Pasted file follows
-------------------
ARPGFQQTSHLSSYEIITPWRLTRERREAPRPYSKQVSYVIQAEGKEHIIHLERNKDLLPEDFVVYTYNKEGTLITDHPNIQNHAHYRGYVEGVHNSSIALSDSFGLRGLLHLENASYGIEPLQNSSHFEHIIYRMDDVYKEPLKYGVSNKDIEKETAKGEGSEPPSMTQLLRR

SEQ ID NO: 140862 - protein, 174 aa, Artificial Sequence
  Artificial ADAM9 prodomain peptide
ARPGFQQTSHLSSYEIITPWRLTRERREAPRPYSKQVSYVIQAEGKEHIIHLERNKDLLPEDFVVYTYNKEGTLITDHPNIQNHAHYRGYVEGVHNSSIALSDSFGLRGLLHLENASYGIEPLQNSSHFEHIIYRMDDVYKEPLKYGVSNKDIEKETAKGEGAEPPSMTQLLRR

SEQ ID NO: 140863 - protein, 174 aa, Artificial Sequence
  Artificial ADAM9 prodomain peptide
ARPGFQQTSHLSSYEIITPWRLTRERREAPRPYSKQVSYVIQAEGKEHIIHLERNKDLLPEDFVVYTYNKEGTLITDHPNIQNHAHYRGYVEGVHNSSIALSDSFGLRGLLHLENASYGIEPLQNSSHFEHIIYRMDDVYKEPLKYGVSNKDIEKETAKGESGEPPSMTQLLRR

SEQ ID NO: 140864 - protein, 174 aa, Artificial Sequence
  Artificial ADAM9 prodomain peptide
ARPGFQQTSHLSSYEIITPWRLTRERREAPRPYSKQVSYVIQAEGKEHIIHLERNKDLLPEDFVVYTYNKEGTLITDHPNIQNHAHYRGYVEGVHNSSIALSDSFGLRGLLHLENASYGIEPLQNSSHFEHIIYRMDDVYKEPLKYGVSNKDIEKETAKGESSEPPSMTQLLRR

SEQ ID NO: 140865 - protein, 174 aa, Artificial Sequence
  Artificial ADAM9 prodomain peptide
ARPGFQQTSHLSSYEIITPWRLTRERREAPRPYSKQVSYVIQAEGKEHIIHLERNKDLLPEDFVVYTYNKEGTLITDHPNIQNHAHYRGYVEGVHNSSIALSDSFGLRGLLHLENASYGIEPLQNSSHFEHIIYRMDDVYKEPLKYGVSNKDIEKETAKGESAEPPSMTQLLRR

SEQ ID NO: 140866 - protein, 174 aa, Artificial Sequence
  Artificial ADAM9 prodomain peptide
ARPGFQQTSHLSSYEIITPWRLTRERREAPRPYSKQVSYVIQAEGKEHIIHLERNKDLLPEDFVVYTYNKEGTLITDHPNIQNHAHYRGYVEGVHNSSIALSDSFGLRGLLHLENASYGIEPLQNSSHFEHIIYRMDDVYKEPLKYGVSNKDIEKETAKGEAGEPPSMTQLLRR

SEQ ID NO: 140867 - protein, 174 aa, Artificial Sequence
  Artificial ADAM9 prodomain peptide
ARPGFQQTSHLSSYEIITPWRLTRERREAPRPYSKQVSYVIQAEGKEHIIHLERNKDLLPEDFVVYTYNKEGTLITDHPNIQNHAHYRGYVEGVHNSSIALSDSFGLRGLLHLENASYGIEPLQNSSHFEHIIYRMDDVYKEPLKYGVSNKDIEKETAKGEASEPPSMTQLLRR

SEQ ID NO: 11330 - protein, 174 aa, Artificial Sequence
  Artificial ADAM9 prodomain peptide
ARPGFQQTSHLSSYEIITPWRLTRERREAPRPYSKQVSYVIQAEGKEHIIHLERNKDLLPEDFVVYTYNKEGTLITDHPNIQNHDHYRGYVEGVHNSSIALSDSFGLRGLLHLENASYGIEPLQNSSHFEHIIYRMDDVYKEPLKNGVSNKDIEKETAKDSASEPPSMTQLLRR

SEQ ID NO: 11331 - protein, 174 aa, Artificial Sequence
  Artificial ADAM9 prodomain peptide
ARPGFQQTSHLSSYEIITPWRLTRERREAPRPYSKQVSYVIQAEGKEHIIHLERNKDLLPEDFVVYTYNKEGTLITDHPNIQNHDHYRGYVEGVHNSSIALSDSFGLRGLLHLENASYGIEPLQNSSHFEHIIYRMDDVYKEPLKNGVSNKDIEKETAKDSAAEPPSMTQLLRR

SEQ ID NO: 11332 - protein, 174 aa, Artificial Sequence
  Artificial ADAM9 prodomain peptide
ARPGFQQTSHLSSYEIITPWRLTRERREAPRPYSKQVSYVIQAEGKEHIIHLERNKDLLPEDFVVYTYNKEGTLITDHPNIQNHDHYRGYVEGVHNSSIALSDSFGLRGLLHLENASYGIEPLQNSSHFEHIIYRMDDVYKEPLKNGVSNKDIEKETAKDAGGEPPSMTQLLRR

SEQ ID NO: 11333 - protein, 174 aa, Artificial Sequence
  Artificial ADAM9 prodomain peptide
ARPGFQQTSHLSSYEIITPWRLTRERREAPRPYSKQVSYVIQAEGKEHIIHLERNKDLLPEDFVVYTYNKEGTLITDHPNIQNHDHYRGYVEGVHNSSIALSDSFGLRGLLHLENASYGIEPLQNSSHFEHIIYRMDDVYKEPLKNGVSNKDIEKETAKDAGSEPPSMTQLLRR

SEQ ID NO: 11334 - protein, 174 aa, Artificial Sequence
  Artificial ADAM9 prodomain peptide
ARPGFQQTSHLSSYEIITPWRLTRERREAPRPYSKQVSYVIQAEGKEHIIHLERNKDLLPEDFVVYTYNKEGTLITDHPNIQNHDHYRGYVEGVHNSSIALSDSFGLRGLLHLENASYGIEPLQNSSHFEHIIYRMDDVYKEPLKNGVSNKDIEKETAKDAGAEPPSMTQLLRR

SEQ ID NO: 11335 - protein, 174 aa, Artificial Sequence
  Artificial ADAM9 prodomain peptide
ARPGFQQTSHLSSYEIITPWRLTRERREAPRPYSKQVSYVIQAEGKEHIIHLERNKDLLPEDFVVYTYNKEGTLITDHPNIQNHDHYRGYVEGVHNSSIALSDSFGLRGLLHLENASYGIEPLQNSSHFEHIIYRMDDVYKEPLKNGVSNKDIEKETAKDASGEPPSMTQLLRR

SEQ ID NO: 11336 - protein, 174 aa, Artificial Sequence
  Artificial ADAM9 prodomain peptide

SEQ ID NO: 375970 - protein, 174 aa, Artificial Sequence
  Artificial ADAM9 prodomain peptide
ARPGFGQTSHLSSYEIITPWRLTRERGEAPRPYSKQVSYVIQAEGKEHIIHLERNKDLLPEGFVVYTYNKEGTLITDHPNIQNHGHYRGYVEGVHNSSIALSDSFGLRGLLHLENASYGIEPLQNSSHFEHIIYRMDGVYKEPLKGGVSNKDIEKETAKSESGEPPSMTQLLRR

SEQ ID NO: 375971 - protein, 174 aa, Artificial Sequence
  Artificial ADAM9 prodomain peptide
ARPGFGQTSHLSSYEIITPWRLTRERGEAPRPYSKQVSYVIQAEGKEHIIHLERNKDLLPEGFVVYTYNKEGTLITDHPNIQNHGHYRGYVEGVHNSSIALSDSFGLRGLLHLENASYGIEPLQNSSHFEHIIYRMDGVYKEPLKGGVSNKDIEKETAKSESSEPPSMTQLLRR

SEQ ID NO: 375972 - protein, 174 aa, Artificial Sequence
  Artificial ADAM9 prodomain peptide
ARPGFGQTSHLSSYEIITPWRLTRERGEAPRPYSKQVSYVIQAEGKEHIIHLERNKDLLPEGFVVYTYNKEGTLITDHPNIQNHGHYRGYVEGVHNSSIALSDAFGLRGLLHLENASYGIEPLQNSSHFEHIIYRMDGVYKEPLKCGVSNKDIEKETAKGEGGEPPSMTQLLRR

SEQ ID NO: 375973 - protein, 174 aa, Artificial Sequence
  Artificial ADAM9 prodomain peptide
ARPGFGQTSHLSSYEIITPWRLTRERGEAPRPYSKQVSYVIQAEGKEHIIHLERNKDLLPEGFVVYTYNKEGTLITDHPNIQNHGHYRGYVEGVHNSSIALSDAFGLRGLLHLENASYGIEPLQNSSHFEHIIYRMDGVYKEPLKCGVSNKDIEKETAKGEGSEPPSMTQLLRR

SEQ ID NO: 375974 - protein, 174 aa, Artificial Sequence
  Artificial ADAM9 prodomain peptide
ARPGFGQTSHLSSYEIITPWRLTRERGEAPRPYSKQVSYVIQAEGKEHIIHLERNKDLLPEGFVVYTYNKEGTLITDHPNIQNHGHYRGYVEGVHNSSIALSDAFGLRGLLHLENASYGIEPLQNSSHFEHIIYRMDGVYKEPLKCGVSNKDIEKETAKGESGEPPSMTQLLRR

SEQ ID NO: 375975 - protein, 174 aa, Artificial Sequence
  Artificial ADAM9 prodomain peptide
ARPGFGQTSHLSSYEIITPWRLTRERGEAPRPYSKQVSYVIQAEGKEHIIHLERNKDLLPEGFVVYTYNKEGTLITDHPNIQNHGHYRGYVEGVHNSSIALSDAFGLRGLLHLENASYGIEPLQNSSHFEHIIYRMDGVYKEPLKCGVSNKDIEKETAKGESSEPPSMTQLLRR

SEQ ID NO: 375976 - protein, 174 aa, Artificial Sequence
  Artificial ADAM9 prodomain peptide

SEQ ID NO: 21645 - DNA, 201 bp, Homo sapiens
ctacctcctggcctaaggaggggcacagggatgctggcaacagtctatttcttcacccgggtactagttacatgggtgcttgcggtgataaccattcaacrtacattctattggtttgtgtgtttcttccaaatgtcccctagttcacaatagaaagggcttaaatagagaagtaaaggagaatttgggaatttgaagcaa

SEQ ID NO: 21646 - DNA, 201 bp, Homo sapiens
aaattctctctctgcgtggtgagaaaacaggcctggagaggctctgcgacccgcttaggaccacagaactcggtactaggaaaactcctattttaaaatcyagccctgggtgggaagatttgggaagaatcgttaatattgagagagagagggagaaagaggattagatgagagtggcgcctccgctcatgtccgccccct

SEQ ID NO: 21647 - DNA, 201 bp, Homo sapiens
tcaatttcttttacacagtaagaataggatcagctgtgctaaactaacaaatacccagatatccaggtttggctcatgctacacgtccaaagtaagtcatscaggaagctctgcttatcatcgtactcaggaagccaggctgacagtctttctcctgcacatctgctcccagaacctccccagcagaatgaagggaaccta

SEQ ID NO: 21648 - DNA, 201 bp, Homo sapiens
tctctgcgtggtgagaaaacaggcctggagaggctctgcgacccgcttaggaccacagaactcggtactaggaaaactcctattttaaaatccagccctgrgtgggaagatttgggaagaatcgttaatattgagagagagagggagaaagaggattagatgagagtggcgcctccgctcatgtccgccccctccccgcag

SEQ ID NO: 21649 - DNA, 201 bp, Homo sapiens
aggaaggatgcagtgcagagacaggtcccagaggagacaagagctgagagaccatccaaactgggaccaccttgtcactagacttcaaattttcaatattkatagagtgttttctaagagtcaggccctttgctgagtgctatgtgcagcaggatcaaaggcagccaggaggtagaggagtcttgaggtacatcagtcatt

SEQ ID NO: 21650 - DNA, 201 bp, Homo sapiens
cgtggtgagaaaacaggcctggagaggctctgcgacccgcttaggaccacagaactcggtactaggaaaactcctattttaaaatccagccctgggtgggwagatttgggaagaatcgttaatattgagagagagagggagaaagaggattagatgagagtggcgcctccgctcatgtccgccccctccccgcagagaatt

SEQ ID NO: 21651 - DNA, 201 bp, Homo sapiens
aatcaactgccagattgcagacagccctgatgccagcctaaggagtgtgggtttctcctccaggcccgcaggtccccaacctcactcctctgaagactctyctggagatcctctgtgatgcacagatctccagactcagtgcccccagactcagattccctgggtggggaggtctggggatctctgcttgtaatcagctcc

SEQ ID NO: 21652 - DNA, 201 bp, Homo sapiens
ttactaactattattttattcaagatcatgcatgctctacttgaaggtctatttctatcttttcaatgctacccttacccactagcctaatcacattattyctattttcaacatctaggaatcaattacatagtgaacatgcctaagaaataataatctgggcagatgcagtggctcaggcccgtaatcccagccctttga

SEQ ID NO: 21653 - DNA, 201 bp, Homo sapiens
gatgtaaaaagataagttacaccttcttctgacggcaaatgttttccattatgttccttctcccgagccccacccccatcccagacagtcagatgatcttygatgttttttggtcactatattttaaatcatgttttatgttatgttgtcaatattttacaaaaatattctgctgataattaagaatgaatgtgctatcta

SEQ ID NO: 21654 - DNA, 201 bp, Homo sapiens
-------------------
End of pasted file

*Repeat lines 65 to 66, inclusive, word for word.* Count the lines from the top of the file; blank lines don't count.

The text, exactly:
tcaatttcttttacacagtaagaataggatcagctgtgctaaactaacaaatacccagatatccaggtttggctcatgctacacgtccaaagtaagtcatscaggaagctctgcttatcatcgtactcaggaagccaggctgacagtctttctcctgcacatctgctcccagaacctccccagcagaatgaagggaaccta

SEQ ID NO: 21648 - DNA, 201 bp, Homo sapiens